The Singapore Epidemiology Eye Diseases (SEED) study is a population-based cohort study comprising 3 major ethnic groups, Malay (recruited from the Singapore Malay Eye Study), Indian (recruited from the Singapore Indian Eye Study), and Chinese (recruited from the Singapore Chinese Eye Study) individuals, with baseline assessments conducted from 2004 to 2011. Details of the SEED study design and methodology have been reported elsewhere.19-21 In brief, the SEED study was conducted in the southwestern part of Singapore, using a standardized study protocol for all 3 ethnic groups. An age-stratified random sampling strategy was used in each ethnic group to select adults aged 40 to 80 years. Ethnicities were defined by the Singapore census and indicated on the National Registration Identity Card. A total of 4168 Malay, 4497 Indian, and 4605 Chinese individuals were identified and invited to participate in the study. At the baseline visits conducted from 2004 to 2011, 10 033 participants underwent the study protocol examinations, including 3280 Malay, 3400 Indian, and 3353 Chinese persons, with a response rate of 78.7%, 75.6%, and 72.8%, respectively. The study was approved by the SingHealth Institutional Review Board. All participants gave informed written consent, and the conduct of the study adhered to the tenets of the Declaration of Helsinki.22
Data on falls occurring within the previous year were self-reported and were gathered using a questionnaire administered by trained interviewers fluent in English, Mandarin, Malay, or Tamil (dependent on participant choice). During the clinic visit, participants were asked the following question: “In the past 12 months, have you fallen and landed on the floor or ground?” A fall was defined as having occurred when an individual who had been sitting or standing was suddenly and unintentionally on the ground.
The study was conducted at the research clinic of the Singapore Eye Research Institute. The protocol included a comprehensive, standardized examination as well as a questionnaire administered by interviewers trained to collect clinical and sociodemographic data,19,23 including educational level, income level, occupation, lifestyle factors (eg, smoking, alcohol consumption), self-reported family and medical history (eg, diabetes, hypertension, stroke, and cardiovascular disease), current medication, and insulin use. All clinical and questionnaire data were collected from participants during a single visit.
Clinical covariates were obtained through the clinical examination conducted by trained and certified study optometrists (P.G. and R.M.). Presenting distance visual acuity (PVA) was determined monocularly using a logMAR vison chart at a distance of 4 m under standard lighting with the participant wearing refractive correction (if any). Visual impairment was defined as a logMAR score greater than 0.3 (a Snellen score <6/12) in the eye with the better vision. Measurements of systolic and diastolic blood pressures, obtained using an automatic blood pressure monitor (Dinamap Pro Series DP110X-RW; GE Medical Systems Information Technologies, Inc), height, weight, and body mass index (calculated as the weight in kilograms divided by the height in meters squared) were performed as per the SEED study protocol, which is described in detail elsewhere.19,20,24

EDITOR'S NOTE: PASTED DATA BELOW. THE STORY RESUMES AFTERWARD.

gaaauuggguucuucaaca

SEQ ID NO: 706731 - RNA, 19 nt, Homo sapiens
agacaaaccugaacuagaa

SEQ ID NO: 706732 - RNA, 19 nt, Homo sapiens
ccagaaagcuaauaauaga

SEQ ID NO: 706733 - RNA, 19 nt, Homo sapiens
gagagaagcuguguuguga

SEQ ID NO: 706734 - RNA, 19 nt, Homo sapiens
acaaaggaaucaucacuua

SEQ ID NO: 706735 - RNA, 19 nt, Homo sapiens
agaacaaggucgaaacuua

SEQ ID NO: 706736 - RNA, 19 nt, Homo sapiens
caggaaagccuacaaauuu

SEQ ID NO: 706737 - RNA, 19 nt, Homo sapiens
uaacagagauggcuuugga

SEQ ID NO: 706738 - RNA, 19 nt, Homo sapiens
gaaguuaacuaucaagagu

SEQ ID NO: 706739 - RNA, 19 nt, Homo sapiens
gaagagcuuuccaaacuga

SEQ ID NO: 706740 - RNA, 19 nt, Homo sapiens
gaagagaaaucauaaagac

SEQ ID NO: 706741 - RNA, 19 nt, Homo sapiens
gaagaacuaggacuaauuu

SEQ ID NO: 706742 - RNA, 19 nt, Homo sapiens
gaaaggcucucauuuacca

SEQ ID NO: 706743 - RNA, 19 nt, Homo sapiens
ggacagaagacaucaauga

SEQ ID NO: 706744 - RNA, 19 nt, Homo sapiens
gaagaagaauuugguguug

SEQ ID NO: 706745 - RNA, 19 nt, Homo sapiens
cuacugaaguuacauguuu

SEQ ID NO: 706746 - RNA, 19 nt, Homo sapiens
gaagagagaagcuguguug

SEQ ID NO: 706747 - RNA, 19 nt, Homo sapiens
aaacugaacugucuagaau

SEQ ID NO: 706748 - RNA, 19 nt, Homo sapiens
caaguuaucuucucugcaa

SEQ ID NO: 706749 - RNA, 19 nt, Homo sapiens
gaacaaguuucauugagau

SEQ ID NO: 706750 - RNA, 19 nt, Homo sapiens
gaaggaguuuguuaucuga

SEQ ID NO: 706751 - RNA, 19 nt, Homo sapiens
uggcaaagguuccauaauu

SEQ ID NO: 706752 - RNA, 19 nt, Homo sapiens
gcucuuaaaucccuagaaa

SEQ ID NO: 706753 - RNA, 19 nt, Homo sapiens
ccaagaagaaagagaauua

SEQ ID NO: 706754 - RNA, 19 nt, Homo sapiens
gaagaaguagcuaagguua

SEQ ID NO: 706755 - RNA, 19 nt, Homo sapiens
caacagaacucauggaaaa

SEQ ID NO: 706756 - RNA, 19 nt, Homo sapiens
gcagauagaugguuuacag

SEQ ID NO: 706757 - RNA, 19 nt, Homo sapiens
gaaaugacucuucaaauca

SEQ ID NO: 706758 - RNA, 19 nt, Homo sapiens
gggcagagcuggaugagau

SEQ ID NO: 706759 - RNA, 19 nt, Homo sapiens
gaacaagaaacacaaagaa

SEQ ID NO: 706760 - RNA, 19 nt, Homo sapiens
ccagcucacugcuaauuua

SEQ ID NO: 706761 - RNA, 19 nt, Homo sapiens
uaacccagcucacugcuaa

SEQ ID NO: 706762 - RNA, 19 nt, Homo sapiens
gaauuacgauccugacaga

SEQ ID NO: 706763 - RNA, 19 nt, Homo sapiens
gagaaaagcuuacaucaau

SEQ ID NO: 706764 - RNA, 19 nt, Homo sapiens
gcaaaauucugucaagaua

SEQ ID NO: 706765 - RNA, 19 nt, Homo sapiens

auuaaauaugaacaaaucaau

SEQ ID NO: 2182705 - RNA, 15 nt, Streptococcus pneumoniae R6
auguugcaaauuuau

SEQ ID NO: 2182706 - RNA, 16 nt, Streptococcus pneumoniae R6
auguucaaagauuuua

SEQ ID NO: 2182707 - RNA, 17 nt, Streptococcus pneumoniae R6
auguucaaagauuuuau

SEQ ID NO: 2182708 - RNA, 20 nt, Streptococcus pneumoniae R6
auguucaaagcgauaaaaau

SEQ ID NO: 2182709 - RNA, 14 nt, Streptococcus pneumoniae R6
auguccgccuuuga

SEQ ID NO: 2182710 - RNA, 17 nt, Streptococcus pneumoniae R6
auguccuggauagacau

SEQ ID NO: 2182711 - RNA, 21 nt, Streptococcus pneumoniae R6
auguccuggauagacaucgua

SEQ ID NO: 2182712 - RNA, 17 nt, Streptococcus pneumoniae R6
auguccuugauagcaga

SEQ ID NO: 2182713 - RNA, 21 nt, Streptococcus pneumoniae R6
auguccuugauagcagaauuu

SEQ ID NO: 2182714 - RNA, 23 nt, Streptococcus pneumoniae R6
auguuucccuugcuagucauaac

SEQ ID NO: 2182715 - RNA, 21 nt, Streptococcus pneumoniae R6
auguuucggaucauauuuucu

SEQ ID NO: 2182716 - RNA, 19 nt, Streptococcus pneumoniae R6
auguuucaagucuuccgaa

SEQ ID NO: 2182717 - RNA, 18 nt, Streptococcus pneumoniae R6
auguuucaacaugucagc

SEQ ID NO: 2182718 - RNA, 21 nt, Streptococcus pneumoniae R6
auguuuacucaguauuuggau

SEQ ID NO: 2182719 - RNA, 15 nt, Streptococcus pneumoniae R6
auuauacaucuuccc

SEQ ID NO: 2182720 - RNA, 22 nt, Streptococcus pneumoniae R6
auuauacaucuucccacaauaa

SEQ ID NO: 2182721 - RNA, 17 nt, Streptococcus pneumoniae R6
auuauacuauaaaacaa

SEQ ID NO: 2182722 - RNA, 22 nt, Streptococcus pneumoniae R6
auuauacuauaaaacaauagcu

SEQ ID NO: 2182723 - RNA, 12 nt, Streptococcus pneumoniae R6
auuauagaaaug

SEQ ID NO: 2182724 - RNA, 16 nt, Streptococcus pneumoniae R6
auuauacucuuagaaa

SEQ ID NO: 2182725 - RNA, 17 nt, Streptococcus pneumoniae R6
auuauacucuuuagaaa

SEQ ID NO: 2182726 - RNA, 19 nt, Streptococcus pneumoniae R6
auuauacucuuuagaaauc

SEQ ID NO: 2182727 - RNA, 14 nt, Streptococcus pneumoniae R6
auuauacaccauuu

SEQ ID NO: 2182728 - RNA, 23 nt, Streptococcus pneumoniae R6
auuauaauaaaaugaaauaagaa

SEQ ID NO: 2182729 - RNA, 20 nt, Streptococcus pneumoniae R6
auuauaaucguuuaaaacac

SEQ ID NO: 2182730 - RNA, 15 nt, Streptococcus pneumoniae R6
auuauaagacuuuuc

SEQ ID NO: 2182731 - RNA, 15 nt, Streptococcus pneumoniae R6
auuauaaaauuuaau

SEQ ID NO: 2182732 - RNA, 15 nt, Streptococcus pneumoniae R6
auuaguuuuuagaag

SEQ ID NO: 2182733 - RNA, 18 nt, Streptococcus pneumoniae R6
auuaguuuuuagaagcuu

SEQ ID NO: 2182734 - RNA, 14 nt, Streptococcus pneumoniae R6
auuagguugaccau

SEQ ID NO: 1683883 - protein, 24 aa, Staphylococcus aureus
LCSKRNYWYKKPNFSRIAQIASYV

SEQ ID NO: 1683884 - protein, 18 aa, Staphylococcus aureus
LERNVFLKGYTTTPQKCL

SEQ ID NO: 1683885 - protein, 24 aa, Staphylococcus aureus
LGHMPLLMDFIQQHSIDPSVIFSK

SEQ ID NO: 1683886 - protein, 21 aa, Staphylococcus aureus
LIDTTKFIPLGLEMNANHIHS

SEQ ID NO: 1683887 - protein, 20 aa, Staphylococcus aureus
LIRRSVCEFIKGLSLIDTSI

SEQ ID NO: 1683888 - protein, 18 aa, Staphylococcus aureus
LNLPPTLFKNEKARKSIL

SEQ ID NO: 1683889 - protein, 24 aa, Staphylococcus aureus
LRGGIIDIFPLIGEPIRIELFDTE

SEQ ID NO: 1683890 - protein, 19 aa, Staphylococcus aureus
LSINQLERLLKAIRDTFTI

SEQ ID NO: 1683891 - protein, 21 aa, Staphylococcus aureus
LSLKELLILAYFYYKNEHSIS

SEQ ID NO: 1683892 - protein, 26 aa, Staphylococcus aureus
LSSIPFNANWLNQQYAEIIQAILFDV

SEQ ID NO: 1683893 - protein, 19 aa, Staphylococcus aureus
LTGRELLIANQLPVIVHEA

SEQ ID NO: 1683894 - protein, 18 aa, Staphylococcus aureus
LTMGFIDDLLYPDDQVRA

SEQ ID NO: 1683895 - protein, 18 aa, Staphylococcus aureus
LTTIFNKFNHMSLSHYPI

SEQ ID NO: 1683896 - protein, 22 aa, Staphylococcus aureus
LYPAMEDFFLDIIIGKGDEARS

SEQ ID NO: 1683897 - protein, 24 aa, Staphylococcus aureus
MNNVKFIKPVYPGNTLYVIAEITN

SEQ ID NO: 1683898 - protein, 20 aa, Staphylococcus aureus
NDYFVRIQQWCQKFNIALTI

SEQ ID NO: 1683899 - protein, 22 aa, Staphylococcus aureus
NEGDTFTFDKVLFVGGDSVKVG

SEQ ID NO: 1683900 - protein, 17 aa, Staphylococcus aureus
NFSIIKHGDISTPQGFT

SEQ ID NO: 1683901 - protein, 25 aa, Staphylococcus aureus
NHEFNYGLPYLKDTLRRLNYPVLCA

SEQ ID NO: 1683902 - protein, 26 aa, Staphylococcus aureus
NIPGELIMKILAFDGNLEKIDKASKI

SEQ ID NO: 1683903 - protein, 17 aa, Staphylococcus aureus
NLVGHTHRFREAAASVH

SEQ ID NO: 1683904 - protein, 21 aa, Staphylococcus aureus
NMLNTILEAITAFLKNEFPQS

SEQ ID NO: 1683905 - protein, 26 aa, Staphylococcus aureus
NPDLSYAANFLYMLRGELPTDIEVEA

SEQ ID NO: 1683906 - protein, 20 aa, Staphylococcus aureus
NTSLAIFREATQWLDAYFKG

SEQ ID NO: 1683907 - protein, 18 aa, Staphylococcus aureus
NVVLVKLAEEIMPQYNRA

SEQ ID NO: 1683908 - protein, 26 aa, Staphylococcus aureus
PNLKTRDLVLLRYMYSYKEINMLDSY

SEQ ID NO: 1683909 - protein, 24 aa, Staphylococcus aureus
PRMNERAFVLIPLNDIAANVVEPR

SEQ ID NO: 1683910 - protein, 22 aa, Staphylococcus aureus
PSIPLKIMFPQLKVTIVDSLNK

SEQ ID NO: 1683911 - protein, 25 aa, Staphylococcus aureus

Nonfasting venous blood samples were also collected to assess levels of glucose, hemoglobin A1c (HbA1c), serum creatinine, serum total cholesterol, high-density lipoprotein cholesterol, low-density lipoprotein cholesterol, and triglycerides. All samples were analyzed at the Singapore General Hospital Hematology Laboratory.
Two-field fundus images were obtained with a nonmydriatic fundus camera (CR-DGI; Canon) and graded for severity of DR using data from the worse eye with the modified Airlie House classification system by trained graders at the Singapore Eye Research Institute using the Early Treatment of Diabetic Retinopathy Study scale scores of none (10-15), minimal nonproliferative DR (NPDR) (20), mild NPDR (35), moderate NPDR (43-47), severe NPDR (53-60), and proliferative DR (61-85).25 Vision-threatening diabetic retinopathy (VTDR) was defined using the Eye Diseases Prevalence Research Group definition as the presence of severe NPDR, proliferative DR, or clinically significant macular edema.26
Glaucoma was defined using the scheme from the International Society of Geographic and Epidemiologic Ophthalmology27 based on findings from gonioscopy, optic disc characteristics, and visual field results. Signs of age-related macular degeneration were graded using fundus photographs with the Wisconsin age-related maculopathy grading system.28 Undercorrected refractive error was defined as the difference of at least 0.2 logMAR between PVA and the best-corrected visual acuity in either eye. The presence of a cataract, including nuclear, cortical, or posterior subcapsular cataract, in either eye was based on Lens Opacities Classification System III grading.29
Chronic kidney disease (CKD) was defined as having an estimated glomerular filtration rate less than 60 mL/min/1.73 m2.30,31 Cardiovascular disease (CVD) was defined as a participant self-reported history of myocardial infarction, unstable angina pectoris, stroke, or transient ischemic attack. Diabetes was defined as a random glucose level of at least 200 mg/dL (to convert glucose to millimoles per liter, multiply by 0.0555), HbA1c concentration of at least 6.5% of total hemoglobin (to convert HbA1c to a proportion of total hemoglobin, multiply by 0.01), self-reported use of diabetic medication, or history of physician-diagnosed diabetes.32 Hypertension was defined as having systolic blood pressure equal to or greater than 140 mm Hg, diastolic blood pressure equal to or greater than 90 mm Hg, or a self-reported history of hypertension or antihypertensive medication use. Polypharmacy was defined as taking 4 or more prescription medications.33